0

In bash, given these files:

$ cat noquotes.txt
s/a/b/g
$ cat quotes.txt
"s/a/b/g"

Why does

$ echo "aaa" | sed -e $(cat noquotes.txt)
bbb

succeed, but

$ echo "aaa" | sed -e $(cat quotes.txt)
sed: 1: ""s/a/b/g"
": invalid command code "

fails?

If if run set -x first, then I see that

$ echo "aaa" | sed -e $(cat noquotes.txt)
+ echo aaa
++ cat noquotes.txt
+ sed -e s/a/b/g
bbb

and

$ echo "aaa" | sed -e $(cat quotes.txt)
+ echo aaa
++ cat quotes.txt
+ sed -e '"s/a/b/g"'
sed: 1: ""s/a/b/g"
": invalid command code "

So it seems like there are extra quotes being inserted around the contents of noquotes.txt, but not around quotes.txt.

5
  • @don_crissti let me add another input file, spaces.txt with content -e "s/a /b/g". Now when I try echo "a a" | sed $(cat spaces.txt) I get a similar error. Would spaces.txt be better written as -e s/a /b/g? This seems contrary to the command-line usage of sed where I need to add quotes around the sed command like this: echo "a a" | sed -e "s/a /b/g"
    – mark
    May 3 '16 at 21:11
  • @don_crissti thanks that's helpful. One more example that would help clarify: I can run echo "a b " | sed -e "s/a /b/g" -e "s/b /c/g" => bc. What should the contents of multi.txt be if I want to write echo "a b " | sed "$(cat multi.txt)" and similarly produce output bc?
    – mark
    May 3 '16 at 21:34
  • @don_crissti Interesting, I didn't know about ; in sed. You're right, this is an XY question. In reality I want to pass multiple -x module arguments to the browserify command, where each module is specified in a newline-separated file, and each module is contained in double-quotes within the file. The modules may be file paths
    – mark
    May 3 '16 at 22:22
  • @don_crissti I'll give it a shot stackoverflow.com/questions/37016419/… . In general I'm interested in learning about bash, so I wanted to inquire about a general-purpose way of passing command line arguments from a file into a bash command using command substitution. I chose sed as an example hoping it would be familiar to the unix.stackexchange community
    – mark
    May 4 '16 at 0:23
  • Well, I'm not familiar with that browserify thingie... It looks like you're trying to build up a command line based on the contents of some files so Etan's suggestion there isn't bad though I'm not sure why you have posted the question there - stackoverflow is a black hole - questions are forgotten in the next 3 minutes. Wait a couple of days and if you don't get any reply delete it from there and re-post it here on Unix&Linux (don't cross-post as it will be closed). May 4 '16 at 10:55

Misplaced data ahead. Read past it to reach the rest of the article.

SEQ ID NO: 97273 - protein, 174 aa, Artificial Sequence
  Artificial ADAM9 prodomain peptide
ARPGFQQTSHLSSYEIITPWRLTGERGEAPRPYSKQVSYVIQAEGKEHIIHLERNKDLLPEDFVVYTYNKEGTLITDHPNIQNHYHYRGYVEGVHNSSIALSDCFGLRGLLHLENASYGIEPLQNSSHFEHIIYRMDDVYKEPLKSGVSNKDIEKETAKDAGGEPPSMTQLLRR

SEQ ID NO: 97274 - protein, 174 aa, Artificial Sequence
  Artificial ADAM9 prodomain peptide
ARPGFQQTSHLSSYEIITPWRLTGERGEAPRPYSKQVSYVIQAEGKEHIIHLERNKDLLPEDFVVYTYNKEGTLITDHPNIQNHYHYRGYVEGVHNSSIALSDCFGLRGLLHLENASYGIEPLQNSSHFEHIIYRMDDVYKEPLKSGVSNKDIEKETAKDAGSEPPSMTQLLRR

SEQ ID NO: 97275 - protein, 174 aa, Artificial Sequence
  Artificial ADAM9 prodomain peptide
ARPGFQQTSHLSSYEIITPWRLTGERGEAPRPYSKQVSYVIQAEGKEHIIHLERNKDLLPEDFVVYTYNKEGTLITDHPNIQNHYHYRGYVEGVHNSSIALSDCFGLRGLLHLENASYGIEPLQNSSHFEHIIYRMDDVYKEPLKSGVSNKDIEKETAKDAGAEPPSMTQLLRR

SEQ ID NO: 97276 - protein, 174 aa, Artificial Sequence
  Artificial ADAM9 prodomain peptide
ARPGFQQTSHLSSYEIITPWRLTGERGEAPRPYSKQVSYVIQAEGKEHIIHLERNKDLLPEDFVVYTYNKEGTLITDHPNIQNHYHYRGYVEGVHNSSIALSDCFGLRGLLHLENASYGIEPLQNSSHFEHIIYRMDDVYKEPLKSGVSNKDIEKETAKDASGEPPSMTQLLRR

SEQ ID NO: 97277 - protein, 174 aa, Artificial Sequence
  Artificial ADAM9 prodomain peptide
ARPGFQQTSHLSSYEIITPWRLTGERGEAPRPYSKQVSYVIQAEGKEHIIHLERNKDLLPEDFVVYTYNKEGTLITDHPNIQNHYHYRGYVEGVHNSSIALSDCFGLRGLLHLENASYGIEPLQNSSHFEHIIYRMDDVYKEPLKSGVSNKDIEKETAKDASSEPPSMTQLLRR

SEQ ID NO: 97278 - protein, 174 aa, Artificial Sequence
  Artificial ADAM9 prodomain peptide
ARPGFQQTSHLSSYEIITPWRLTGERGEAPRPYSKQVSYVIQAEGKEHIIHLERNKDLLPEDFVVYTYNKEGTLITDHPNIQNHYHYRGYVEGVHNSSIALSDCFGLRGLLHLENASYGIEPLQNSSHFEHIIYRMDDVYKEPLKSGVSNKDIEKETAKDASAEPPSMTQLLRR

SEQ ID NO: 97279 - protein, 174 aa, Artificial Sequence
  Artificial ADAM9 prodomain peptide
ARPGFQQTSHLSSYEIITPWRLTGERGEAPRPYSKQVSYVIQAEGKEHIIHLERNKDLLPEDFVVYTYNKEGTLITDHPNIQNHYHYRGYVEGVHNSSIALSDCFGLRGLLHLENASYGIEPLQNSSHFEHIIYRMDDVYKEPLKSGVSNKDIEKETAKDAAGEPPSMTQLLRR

2

So it seems like there are extra quotes being inserted around the contents of noquotes.txt, but not around quotes.txt.

This is just Bash being helpful. You'll notice it will put quotes around things whenever there's a symbol that would otherwise be interpreted by Bash. It acts just like you would, using quotes only when necessary. Try to put any of the following into quotes.txt:

s/a$/a/g
s/"hi"/"bye"/g

The list goes on and on.

Now back to your original question. First of all, your sed prints out a weird message. From set -x it's obvious that the input is "s/a/b/g", not ""s/a/b/g". I wouldn't trust this message. Here's what GNU sed 4.2.1 prints out for "s/a/b/g":

$ sed -e '"s/a/b/g"'
sed: -e expression #1, char 1: unknown command: `"'

Pretty clear: since the first char is a command name and there's no command named ", sed has no idea what to do.

2
  • It's just a matter of formatting the error message. Just like for non-gnu users unknown command: `"' may also be a weird message that they wouldn't trust: a backtick followed by a double-quote and single quote ? May 3 '16 at 20:52
  • At least with GNU the quotes are balanced. Here, there's a quote at the beginning but not at the end. May 4 '16 at 9:25
2

There is a step in the processing of the command line that is called the quote removal step. This is usually the last thing that happens before the command is executed and it removes the outer sets of quotes that you used to quote strings in the command.

For a command such as

sed -e "s/a/b/g"

this step make sure that the sed command is given the string s/a/b/g as its last argument, and not "s/a/b/g".

When you are reading the string "s/a/b/g" from a file using cat in a command substitution, the quotes will not be removed, as they are not part of the original command (they are part of the data read from a file).

This means that sed will receive the literal string "s/a/b/g" as the expression to run, and it therefore complains that it does not understand the initial " (it was expecting a sed command).

As for the output from set -x tracing, treat it as nothing more than debugging output. The bash shell will add quotes around strings that contain certain characters in the trace, so it's not indicative of what the quoting of any single argument actually was or how it was interpreted by the invoked utility.


As an aside, to run sed with an editing script on file, use the -f option:

sed -f noquotes.txt <<<"aaa"

Also, the y command in sed could be used to transliterate between one set of single characters to another more efficiently than a substitution with s would. Your s/a/b/g substitution is better written as y/a/b/.

If this is the only operation that you need to perform, then it may be even more efficient to use the simpler tr utility:

tr a b <<<"aaa"

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